To find out if there’s a generic version of your prescription that will work, talk to your doctor or pharmacists. Each state has a law allowing pharmacist to substitute generic drugs for many brand-name products if your doctor doesn’t specify that the brand name drug is required.
Also centered around the prescription of drugs is low cost prescription alternatives. Some consumers will receive emails saying free or low-cost prescriptions are just a phone call or click away – these are scams. However, many prescription drug companies offer free or low-cost drugs for people who don’t have prescription drug coverage, can’t afford to pay for medication out of pocket, or have used their insurance’s annual allowance – but, the programs have qualification standards. Maybe your income and the cost of the prescriptions you need can affect whether you qualify. Information on these programs is free and publicly available from your physician and pharmacists.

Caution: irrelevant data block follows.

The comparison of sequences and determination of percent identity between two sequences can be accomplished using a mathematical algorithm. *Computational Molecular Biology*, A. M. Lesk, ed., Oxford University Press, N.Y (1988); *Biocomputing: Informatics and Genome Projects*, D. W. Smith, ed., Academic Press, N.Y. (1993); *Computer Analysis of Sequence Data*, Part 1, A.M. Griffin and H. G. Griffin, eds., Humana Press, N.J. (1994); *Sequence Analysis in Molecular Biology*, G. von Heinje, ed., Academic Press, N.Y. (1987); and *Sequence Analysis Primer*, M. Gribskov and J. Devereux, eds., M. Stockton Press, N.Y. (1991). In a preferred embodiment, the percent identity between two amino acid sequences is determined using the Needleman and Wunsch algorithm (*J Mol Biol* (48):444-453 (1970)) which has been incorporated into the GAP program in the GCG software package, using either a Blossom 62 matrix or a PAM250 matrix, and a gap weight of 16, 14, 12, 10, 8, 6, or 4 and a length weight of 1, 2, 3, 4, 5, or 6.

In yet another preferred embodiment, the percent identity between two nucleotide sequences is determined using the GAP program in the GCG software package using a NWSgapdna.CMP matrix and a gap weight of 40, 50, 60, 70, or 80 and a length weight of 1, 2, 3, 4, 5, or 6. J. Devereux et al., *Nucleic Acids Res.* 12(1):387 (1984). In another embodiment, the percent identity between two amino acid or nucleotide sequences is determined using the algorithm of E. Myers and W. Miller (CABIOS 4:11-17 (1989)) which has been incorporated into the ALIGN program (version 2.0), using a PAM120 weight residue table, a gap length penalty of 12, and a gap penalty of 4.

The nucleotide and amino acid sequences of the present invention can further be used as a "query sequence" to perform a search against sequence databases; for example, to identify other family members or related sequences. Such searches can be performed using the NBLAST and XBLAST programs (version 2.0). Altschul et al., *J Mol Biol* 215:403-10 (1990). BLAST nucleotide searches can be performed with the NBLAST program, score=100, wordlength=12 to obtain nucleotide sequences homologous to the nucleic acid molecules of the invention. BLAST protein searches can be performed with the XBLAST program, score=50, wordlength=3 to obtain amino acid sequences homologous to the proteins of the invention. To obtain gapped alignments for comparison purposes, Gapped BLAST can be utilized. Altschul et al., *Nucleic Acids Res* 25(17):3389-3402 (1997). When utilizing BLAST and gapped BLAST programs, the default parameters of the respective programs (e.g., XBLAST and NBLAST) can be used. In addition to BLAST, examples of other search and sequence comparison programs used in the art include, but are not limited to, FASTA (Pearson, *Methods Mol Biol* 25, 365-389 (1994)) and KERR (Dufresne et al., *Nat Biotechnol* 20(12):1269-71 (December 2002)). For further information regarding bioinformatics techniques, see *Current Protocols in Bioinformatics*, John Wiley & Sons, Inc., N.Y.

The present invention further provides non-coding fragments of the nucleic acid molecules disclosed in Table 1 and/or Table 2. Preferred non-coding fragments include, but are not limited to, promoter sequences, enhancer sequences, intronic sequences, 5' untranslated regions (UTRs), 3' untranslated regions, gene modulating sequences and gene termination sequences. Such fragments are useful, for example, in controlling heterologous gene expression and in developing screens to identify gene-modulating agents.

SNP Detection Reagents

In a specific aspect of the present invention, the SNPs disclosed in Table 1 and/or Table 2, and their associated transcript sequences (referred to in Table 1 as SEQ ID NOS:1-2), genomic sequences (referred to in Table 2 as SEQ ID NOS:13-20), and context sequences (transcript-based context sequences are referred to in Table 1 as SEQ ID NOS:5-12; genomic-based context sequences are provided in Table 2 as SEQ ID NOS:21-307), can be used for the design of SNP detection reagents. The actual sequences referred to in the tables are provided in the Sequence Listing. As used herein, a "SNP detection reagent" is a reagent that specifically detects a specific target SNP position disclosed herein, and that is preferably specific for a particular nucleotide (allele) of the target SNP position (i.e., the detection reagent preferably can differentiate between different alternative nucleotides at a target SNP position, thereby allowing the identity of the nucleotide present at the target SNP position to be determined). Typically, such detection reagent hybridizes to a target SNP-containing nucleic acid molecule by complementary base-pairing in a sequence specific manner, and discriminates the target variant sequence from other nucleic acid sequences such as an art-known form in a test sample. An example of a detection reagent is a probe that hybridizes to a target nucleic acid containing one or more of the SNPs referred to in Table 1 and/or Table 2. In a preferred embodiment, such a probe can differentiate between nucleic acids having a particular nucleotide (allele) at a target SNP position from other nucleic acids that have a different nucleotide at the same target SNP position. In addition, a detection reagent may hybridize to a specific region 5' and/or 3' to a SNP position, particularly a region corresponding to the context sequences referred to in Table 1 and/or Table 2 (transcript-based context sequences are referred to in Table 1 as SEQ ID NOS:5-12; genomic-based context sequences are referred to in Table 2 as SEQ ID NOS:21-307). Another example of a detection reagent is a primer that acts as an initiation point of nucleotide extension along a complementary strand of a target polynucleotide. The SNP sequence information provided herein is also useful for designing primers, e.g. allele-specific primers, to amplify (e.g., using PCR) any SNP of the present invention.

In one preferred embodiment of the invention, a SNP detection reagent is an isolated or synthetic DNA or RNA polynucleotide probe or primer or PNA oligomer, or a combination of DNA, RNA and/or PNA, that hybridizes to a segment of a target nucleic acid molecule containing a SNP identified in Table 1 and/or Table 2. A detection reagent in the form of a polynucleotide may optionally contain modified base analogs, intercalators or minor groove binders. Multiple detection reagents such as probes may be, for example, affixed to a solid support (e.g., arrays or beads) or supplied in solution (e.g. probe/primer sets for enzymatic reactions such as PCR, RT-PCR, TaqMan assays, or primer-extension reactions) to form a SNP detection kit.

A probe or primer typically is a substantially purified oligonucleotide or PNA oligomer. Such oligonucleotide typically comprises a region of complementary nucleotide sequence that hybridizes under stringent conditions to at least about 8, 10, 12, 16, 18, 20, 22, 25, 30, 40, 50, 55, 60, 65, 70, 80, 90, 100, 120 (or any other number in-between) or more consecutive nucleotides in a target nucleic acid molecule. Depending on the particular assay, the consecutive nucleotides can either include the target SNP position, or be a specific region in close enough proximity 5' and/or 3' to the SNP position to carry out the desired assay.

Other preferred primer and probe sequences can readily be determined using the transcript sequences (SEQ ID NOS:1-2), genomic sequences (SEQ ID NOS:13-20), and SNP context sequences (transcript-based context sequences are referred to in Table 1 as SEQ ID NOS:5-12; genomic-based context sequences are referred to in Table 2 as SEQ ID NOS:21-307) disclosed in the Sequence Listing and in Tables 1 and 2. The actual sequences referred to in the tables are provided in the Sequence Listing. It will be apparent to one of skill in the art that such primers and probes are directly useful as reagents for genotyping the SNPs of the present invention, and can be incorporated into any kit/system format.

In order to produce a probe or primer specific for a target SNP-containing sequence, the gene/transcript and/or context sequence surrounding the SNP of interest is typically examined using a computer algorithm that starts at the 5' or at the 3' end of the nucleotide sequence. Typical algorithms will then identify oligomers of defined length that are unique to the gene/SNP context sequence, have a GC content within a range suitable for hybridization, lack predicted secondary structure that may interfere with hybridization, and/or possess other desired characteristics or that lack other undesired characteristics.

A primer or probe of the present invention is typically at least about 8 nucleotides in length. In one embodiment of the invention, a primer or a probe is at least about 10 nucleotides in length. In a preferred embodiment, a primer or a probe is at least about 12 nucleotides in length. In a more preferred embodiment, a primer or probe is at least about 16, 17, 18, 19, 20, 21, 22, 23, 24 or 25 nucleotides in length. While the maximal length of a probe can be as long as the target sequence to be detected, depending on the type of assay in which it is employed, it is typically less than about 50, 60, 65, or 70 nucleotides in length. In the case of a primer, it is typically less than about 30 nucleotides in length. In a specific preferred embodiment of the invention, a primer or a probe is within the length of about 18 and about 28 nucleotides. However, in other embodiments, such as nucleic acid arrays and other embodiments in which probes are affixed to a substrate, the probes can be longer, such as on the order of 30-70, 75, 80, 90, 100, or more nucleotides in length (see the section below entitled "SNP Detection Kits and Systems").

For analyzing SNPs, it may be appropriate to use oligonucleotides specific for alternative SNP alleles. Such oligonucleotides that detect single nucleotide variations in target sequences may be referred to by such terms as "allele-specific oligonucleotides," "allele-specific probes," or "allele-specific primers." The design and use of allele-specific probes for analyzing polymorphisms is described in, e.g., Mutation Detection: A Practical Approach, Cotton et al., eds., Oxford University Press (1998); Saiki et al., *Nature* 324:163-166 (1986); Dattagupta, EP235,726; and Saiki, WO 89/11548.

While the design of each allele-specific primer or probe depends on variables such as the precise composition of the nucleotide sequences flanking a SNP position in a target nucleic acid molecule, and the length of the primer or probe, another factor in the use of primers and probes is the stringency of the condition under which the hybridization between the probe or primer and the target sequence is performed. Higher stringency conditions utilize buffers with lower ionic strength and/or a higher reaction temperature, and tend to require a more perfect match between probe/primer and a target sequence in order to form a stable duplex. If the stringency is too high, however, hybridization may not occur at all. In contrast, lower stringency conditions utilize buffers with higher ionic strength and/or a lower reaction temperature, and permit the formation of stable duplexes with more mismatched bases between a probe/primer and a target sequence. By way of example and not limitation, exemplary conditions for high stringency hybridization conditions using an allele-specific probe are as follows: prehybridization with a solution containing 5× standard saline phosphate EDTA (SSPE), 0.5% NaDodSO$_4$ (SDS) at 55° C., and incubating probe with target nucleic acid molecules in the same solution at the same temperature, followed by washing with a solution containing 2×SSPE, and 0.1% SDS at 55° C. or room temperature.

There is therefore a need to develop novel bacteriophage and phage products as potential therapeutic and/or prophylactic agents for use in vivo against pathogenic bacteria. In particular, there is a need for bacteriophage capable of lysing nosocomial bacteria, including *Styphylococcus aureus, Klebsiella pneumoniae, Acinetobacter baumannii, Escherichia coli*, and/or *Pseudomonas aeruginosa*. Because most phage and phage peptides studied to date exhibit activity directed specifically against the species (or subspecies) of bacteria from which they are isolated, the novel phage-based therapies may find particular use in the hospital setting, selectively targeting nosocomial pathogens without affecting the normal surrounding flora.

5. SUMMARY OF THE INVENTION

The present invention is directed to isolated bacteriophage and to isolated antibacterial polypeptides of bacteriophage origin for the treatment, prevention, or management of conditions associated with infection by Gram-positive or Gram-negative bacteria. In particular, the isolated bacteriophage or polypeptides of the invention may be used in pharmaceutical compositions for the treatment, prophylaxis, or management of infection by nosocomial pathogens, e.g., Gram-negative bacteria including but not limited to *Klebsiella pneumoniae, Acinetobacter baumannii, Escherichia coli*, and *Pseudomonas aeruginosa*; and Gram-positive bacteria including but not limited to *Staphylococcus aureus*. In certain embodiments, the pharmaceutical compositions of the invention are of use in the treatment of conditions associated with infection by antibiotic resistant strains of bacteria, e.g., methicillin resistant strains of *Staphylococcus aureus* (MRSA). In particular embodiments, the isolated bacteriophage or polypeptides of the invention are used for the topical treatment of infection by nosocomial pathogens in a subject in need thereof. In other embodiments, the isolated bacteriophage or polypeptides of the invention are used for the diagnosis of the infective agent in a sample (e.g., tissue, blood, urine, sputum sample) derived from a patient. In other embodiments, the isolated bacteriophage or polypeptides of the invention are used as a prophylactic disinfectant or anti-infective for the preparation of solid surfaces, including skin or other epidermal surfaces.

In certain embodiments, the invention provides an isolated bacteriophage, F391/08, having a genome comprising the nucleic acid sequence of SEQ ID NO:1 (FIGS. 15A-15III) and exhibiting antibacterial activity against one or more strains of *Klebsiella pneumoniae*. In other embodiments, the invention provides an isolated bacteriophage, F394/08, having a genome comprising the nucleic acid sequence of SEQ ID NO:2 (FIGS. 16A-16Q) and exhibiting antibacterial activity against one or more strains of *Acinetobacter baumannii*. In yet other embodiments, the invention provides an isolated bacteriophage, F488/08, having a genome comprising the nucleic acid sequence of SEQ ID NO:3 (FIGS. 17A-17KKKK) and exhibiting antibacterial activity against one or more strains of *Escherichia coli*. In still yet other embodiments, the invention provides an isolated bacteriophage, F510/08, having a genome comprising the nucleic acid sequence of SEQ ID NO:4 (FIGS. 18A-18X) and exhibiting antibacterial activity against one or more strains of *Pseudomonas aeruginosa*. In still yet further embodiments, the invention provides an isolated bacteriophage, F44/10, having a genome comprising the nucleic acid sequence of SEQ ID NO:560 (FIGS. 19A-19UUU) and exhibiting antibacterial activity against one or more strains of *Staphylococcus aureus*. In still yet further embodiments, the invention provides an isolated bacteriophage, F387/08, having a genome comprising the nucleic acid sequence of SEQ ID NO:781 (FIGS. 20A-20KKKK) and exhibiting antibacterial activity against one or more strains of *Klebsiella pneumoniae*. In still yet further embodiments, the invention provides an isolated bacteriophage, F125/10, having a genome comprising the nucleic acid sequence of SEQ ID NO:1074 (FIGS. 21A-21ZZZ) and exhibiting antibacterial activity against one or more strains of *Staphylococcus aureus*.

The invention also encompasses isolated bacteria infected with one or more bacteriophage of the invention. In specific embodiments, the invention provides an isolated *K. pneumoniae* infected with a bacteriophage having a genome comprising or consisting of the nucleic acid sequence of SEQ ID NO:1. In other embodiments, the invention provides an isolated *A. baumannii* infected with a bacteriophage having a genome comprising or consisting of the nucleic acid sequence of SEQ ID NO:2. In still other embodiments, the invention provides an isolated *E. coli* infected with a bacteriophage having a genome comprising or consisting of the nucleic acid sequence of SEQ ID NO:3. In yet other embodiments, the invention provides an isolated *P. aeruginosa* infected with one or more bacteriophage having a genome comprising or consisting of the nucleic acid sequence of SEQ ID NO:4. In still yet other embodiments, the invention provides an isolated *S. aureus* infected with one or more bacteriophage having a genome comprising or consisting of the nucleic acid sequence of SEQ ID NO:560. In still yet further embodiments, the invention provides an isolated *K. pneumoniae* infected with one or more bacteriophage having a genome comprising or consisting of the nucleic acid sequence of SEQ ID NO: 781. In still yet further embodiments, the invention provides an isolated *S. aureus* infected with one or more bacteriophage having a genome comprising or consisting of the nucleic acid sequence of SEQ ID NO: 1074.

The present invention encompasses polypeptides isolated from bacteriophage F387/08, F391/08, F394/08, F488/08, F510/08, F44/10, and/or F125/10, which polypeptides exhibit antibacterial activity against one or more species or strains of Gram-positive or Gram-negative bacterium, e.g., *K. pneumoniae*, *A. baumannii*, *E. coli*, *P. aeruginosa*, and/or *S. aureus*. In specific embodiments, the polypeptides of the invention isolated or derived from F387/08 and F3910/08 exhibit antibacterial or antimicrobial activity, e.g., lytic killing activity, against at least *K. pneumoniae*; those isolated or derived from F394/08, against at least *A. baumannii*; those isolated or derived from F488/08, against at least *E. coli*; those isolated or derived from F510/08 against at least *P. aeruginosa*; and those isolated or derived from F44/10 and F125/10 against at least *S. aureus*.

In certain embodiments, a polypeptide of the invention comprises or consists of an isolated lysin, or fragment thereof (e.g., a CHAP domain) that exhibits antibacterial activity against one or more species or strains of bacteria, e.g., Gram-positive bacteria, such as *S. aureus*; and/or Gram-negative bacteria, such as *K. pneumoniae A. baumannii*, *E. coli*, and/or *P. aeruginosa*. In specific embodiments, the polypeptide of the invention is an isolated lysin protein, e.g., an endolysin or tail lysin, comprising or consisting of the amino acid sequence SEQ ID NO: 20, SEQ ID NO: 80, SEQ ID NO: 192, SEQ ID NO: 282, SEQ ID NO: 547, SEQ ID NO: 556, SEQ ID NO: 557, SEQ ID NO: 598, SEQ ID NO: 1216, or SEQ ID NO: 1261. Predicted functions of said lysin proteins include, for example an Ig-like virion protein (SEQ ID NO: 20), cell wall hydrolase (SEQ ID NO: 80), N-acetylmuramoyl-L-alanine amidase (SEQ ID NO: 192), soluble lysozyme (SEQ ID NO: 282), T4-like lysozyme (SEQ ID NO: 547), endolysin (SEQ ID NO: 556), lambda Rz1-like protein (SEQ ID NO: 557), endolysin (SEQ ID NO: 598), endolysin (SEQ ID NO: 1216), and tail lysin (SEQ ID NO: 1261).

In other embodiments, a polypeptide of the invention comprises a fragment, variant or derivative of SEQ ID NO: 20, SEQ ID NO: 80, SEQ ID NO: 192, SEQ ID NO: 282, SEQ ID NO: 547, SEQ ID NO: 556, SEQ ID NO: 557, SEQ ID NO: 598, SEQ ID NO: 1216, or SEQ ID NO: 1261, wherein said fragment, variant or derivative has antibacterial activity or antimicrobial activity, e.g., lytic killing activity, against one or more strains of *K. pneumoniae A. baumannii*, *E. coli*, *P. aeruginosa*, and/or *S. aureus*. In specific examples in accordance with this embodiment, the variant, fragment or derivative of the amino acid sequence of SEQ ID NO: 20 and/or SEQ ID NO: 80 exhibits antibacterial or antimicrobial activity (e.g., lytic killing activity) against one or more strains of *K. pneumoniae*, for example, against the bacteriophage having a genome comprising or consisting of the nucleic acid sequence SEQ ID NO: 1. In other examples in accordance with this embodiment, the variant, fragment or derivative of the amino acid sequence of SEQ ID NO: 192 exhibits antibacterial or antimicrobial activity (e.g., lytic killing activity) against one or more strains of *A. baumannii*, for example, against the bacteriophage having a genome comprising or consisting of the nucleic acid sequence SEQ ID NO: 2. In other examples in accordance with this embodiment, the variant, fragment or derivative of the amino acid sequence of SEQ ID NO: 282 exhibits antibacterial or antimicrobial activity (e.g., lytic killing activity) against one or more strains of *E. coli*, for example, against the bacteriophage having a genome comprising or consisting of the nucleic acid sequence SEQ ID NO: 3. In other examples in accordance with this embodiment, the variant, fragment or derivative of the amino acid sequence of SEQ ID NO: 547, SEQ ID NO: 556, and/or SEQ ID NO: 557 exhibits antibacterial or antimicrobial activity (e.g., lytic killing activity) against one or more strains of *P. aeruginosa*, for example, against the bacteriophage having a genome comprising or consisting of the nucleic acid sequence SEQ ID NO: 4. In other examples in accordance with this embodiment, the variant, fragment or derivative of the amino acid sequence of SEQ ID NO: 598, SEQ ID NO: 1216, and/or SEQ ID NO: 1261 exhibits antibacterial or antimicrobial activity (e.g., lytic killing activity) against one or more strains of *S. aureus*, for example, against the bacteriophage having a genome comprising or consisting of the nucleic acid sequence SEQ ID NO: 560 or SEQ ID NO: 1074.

For more information on generic drugs, visit the FDA website at www.fda.gov/drugs, or call the FDA’s toll-free hotline to answer questions about drug safety and efficacy: 1-888-INFO-FDA (1-888-463-6332). You can also look up information on specific generic and brand-name drugs on the Drugs and Supplements page at MedlinePlus.gov.
For more information on assistance programs for people who don’t have prescription drug coverage, visit www.pparx.org, a “one-stop” website sponsored by a drug company trade group, you can apply for free or low-cost prescription programs or medicines, or you can ask your health care provider to do it for you. A computer program determines whether there's a match for you among the various programs. Health care providers have to approve most applications for these assistance programs.